UK premier to resign after Brexit vote
Cameron announces resignation by October following defeat in Brexit referendum
U.K. Prime Minister David Cameron is to resign within four months after losing the referendum on his country’s European Union membership.
Cameron said the U.K. needed “strong leadership” to conduct exit negotiations with the European Union and that he would leave office by the time of his party’s conference in October.
“I fought this campaign in the only way I know how, which is to say directly and passionately what I think and feel – head, heart and soul,” he said in a statement delivered on Friday morning outside 10 Downing Street, with his wife Samantha standing by his side.
“I held nothing back, I was absolutely clear about my belief that Britain is stronger, safer and better off inside the European Union and I made clear the referendum was about this and this alone – not the future of any single politician, including myself.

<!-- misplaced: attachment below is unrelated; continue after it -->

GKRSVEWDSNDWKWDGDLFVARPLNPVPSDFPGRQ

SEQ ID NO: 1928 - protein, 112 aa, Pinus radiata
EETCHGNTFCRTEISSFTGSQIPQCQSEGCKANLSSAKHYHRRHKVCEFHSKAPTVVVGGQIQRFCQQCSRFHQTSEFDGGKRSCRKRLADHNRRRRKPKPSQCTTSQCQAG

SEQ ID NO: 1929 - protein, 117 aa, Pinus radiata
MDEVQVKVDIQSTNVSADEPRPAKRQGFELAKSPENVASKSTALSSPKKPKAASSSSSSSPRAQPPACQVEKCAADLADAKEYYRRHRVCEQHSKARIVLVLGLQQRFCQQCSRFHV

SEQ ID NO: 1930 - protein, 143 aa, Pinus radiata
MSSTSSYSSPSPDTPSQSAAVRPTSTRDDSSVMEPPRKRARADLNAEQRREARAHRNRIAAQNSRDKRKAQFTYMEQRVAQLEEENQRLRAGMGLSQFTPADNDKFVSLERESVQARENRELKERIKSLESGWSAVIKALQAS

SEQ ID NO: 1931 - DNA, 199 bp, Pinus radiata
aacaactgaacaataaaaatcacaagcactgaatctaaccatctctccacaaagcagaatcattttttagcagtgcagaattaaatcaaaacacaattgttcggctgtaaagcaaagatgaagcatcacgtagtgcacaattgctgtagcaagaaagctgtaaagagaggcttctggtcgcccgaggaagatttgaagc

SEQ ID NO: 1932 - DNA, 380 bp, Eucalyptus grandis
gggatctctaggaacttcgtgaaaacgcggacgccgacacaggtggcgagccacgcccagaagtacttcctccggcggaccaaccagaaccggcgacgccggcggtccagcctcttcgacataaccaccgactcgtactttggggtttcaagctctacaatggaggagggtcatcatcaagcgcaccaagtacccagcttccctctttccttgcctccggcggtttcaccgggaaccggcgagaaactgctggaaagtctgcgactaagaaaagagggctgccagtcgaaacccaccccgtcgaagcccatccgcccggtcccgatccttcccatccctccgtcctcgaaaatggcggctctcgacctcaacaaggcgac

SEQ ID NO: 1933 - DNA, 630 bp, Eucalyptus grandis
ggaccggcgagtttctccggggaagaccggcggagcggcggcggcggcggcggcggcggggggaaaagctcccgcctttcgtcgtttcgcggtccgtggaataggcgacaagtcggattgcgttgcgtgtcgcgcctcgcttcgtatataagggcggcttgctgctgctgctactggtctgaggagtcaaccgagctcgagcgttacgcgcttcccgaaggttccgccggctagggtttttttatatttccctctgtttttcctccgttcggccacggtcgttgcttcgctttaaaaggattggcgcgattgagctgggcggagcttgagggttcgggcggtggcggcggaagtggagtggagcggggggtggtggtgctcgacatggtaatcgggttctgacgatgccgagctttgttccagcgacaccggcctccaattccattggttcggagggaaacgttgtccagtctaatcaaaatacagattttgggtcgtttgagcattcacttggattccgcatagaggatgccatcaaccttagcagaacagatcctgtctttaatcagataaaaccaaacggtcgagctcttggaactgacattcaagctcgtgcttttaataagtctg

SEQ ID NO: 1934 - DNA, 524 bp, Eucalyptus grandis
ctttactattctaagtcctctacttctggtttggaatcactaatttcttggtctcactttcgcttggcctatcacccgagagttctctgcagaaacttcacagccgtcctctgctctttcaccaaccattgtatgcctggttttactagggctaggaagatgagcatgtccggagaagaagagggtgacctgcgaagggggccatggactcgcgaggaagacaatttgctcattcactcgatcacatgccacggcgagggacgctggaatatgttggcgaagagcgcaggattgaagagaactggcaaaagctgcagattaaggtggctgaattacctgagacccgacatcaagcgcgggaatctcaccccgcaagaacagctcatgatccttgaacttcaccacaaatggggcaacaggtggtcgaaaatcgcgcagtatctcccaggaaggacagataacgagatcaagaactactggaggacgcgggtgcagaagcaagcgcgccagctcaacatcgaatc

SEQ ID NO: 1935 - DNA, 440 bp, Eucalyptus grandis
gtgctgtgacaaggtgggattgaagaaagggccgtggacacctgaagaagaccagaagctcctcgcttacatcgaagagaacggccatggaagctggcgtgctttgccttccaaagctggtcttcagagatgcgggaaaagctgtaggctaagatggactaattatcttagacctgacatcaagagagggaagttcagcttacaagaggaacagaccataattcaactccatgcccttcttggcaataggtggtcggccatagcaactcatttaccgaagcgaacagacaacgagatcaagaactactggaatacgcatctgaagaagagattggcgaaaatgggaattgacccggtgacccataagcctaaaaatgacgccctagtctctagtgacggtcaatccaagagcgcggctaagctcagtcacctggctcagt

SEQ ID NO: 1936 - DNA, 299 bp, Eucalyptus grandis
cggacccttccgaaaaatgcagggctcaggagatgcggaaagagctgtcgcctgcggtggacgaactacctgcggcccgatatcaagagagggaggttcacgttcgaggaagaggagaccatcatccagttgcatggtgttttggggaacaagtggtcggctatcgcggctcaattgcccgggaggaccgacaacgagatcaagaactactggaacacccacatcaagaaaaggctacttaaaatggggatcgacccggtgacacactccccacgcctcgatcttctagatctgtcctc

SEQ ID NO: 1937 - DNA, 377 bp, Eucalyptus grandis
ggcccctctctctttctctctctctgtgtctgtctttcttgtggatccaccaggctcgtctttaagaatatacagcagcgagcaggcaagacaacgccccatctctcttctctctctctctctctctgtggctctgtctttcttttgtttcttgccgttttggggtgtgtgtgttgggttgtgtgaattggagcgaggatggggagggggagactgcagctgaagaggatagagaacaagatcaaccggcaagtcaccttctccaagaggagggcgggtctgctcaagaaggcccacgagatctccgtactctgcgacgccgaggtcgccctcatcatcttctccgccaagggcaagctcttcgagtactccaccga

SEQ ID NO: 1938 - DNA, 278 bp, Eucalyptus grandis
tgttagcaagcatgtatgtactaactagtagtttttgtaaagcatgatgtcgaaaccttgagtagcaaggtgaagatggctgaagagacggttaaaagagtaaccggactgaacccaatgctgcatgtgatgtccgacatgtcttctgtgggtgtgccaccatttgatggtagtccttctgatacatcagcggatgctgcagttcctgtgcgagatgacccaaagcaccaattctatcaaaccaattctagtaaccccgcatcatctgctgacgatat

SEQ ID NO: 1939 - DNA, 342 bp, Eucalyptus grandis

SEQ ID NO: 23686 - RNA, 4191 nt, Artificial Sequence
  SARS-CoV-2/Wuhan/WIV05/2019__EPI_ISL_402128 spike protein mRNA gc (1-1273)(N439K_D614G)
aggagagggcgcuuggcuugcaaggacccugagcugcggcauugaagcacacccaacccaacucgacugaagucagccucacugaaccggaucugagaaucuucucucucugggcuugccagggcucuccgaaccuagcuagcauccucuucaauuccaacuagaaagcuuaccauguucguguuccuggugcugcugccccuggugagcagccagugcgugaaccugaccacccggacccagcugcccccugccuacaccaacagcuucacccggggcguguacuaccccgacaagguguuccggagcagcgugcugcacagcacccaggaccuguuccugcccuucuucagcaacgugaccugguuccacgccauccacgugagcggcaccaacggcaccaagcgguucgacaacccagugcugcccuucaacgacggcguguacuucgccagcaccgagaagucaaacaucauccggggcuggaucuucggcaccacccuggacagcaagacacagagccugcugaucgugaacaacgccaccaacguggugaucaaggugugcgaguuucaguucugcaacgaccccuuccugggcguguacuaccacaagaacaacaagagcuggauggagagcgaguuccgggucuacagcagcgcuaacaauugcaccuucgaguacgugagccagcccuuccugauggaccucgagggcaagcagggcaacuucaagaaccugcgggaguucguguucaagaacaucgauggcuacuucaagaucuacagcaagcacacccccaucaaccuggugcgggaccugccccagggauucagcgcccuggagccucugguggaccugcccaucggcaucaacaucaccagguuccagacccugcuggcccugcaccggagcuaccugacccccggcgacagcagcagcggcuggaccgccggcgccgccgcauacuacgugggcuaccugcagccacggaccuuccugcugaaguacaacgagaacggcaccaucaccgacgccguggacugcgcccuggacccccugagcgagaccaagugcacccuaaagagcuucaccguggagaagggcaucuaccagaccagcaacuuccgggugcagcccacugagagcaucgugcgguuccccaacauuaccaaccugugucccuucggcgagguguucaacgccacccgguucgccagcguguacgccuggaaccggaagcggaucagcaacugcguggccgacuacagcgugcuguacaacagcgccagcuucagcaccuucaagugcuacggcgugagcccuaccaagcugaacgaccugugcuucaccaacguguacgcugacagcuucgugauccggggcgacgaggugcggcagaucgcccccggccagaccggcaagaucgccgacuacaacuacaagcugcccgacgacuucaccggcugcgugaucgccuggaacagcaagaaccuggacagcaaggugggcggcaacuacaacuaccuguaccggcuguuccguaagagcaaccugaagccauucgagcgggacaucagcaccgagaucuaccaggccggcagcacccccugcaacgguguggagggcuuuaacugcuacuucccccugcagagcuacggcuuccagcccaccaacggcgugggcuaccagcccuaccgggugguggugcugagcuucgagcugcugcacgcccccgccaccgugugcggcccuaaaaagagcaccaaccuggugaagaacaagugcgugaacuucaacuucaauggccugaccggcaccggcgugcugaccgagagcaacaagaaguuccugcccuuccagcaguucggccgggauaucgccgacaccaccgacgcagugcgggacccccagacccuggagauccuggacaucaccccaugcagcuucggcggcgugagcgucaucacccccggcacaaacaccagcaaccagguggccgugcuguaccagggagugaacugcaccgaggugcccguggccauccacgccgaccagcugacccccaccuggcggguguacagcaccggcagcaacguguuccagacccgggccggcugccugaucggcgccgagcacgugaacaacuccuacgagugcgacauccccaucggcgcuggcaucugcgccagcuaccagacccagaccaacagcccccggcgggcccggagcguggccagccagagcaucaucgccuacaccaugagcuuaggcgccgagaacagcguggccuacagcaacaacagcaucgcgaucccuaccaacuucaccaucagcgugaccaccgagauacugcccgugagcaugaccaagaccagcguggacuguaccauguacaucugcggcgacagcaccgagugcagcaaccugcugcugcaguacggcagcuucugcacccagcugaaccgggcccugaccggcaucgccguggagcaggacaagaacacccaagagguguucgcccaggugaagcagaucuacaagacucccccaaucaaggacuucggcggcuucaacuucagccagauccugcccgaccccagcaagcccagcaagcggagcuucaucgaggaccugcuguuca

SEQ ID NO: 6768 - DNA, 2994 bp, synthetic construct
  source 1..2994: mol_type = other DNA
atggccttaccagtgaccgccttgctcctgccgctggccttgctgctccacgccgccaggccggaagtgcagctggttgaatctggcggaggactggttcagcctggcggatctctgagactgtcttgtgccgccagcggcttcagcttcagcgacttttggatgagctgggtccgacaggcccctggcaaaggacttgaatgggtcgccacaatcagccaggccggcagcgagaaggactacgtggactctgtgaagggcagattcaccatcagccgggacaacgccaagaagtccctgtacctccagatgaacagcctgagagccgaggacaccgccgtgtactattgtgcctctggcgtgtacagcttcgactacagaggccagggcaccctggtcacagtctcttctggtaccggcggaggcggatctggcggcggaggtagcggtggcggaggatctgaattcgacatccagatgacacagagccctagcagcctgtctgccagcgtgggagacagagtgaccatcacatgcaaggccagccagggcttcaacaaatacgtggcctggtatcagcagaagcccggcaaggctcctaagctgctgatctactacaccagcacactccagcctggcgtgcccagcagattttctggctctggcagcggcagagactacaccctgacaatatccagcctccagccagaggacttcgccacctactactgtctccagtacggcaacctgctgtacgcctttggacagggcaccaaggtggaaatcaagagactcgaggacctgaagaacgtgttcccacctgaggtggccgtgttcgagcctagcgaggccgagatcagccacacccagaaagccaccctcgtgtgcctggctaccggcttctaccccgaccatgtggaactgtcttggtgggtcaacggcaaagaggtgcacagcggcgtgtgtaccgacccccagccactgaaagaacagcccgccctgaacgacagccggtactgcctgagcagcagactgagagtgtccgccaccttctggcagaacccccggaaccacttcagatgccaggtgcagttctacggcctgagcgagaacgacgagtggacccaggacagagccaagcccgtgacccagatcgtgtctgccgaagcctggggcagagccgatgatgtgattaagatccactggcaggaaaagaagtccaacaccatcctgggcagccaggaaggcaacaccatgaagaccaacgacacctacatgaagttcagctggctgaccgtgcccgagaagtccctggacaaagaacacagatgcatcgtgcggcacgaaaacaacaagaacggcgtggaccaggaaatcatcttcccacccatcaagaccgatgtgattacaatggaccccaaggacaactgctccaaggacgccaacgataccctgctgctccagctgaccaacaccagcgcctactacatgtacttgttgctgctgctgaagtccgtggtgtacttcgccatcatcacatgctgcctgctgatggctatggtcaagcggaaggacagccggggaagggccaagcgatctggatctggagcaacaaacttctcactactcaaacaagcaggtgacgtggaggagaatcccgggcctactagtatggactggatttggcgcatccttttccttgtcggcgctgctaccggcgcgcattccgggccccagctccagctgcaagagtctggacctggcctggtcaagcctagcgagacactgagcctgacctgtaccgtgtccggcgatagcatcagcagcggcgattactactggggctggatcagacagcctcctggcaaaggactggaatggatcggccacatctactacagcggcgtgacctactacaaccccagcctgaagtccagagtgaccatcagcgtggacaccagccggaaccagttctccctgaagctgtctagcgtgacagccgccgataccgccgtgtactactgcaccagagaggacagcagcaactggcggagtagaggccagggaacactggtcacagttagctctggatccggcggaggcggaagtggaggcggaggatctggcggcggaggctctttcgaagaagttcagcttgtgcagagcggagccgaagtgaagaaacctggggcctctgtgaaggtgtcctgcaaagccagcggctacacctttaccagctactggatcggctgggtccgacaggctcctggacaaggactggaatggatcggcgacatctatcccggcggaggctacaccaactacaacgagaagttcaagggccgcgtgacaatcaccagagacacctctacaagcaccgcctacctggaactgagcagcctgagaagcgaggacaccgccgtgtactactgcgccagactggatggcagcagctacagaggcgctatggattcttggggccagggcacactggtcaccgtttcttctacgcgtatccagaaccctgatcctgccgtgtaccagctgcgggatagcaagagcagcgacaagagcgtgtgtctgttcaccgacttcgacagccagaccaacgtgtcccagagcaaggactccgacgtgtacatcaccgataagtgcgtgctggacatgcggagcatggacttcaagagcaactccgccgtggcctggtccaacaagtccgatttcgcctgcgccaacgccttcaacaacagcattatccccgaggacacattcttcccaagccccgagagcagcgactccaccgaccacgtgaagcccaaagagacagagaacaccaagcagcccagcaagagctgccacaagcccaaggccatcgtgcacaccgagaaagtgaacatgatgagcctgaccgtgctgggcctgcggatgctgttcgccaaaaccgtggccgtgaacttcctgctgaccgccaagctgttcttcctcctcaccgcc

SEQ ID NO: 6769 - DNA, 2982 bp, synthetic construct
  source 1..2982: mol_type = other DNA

“But the British people have made a very clear decision to take a different path and as such I think the country requires fresh leadership to take it in this direction.”
Cameron said he would continue in office until his Conservative Party elected a successor to whom he would leave the decision to trigger Article 50 of the Lisbon Treaty – the mechanism for leaving the EU.
Speaking at a news conference later on Friday morning, former London mayor and Brexit campaigner Boris Johnson supported Cameron’s choice to delay an Article 50 decision.
"Today, I think all of us politicians should thank the British people because in a way they have been doing our job for us,” he said.
“They hire us to deal with the hard questions and this year we gave them one of the biggest and toughest questions of all.”
He continued: “We cannot turn our backs on Europe. We are part of Europe. Our children and grandchildren will continue to have a wonderful future as Europeans travelling to the continent, understanding the languages and cultures that make up of common European civilization.
“But there is simply no need in the 21st century to be part of a federal system of government based in Brussels that is imitated nowhere else on earth. It was a noble idea for its time but it is no longer right for this country.”
Immediately after Cameron announced his resignation Johnson was installed by bookmakers Ladbrokes as favorite to succeed him.
Almost 52 percent of voters rejected their country's 43-year membership of the European Union in Thursday's referendum.